I had made it to the insulator that I needed to clean and wiped it down with the rag I had taken with me. Then I decided I couldn’t go forward anymore to look at any more of the insulators because it was too tight of a fit. So, I started to back myself out.
As I went to push myself back I suddenly realized that I was stuck. It was easy moving forward because I was using the soles of my sneakers to push on the pipe, but as soon as I wanted to go back, there didn’t seem to be anyway to maneuver my body in a way that would back myself out. My arms were stretched out in front of me. This was one of a few times when I began to feel the panicky feeling of claustrophobia.
I had seen claustrophobia in others and I knew that when you are gripped with it, you can hurt yourself, or even Bob Lillibridge if he happened to be the one grabbing your legs at the time (see the post: Bob Lillibridge Meets the Power Plant Ghost for an explanation.
Here it came… I felt myself swelling up tight in the pipe as the panic was gripping me. I knew I had to do something quickly or it wasn’t going to be pretty…. Well, either way… nothing about this was pretty. So, I forced myself to calm down. I told myself to breathe out, and slowly back in.
Then I decided to use the palms of my hands that were stretched out straight in front of me to push against the pipe to move me back. With that effort, I could see (in the darkness) that I had moved myself back about 1/2 inch. I thought. “Ok, 1/2 inch is something. If I did that 100 more times, that would be more than 4 feet. 200 times and I would be out of this pipe.”
Realizing I could move myself at least a little bit allowed me to calm down and quell the panic. I did nothing but concentrate on pushing with my palms 1/2 inch at a time and eventually, I did climb out of that pipe (What? You expected me to say I was still in there?).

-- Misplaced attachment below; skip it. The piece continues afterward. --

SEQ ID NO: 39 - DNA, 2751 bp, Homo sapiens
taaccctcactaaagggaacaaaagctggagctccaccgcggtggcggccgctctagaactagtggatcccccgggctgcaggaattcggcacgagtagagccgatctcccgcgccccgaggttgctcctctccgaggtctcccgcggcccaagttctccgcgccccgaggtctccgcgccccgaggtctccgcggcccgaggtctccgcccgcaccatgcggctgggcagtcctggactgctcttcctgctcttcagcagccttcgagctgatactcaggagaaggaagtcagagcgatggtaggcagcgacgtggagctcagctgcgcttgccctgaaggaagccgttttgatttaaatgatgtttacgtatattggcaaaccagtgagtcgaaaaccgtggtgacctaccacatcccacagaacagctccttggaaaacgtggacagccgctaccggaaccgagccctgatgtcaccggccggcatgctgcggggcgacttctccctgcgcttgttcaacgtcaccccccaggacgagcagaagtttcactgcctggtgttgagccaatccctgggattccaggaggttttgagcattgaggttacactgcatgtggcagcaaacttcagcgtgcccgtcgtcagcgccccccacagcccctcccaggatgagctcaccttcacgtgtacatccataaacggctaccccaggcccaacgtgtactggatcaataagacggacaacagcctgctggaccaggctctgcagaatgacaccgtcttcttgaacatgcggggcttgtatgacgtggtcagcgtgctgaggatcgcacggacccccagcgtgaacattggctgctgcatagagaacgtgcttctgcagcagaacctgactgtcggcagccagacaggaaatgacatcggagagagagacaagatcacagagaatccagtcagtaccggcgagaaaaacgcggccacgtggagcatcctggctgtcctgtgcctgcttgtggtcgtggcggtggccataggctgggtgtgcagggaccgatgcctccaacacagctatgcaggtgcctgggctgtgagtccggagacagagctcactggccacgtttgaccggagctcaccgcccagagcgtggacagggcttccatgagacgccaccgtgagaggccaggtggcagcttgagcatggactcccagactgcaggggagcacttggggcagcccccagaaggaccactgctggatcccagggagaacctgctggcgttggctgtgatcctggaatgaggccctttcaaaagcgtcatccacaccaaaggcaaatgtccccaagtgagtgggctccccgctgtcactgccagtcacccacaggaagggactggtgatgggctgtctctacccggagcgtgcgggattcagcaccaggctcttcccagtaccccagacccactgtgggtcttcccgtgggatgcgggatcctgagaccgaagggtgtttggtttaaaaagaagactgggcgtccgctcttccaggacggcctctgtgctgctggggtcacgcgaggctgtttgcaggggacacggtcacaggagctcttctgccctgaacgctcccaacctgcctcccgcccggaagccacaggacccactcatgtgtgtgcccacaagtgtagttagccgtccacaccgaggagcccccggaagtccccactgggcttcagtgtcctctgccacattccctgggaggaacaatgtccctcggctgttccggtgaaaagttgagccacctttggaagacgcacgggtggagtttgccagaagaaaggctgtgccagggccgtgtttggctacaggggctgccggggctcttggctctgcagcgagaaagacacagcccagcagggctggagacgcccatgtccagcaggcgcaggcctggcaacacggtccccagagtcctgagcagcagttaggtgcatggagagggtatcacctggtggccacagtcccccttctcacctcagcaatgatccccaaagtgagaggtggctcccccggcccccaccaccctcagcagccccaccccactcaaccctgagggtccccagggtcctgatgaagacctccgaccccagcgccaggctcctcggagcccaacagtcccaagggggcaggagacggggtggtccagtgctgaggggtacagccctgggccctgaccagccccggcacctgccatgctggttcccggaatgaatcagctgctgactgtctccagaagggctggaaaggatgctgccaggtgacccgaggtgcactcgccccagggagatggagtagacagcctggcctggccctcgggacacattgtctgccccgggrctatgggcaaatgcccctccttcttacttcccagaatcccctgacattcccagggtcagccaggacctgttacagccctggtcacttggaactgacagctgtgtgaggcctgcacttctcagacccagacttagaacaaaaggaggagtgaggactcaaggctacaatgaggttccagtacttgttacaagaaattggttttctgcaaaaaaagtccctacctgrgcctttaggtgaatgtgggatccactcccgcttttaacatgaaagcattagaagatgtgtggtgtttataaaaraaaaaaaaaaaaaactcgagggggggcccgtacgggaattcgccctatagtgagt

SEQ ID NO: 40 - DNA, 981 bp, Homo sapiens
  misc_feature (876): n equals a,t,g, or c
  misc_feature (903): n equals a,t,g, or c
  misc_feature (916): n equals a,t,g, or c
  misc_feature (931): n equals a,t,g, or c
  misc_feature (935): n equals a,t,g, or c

I don’t know how many times over the years I have woken up in the middle of the night and swung my feet over the side of the bed and taken a few large breaths because I had been dreaming about being in that pipe again. I will discuss the topic of claustrophobia in a later post, but this example fit the topic of training yourself not to panic so I thought I would use it here.
If you ever end up talking to someone that doesn’t quite look at you when they look like they are trying to look at you, then you may think that they are a welder. There are some welders that seem to look at you from the corner of their eye. I suppose it was because the middle of their vision has been burned out because they have looked at the welding arc too many times without their visor down. Or maybe they had just learned to look away from whatever they are seeing just as a safety habit.
Similarly, if you ever encounter someone that momentarily goes into a comatose state for a few moments when you ask them a simple question, you may now think that maybe this person was a Power Plant Electrician that has learned to have a Prolonged Pause before they Panic… or… respond to your question. If they aren’t from a power plant, then they probably were just trying to ignore you.
Good advice for anyone in similar situations.
Pause before panic is my response to most stressors perceived by a presenter or an emerging reality. You hit the mark!
Excellent writing! I felt myself getting panicky with you! As a control room operator I had an electrician drop a screwdriver & blow the unit out from under me at full load + 5% overpressure (2520#)-(It caused a false boiler feedpump saturation temp trip). The power plant has trained me not to startle as well, inside I may be screaming like a schoolgirl, but outside I am calm and handling emergencies as though routine.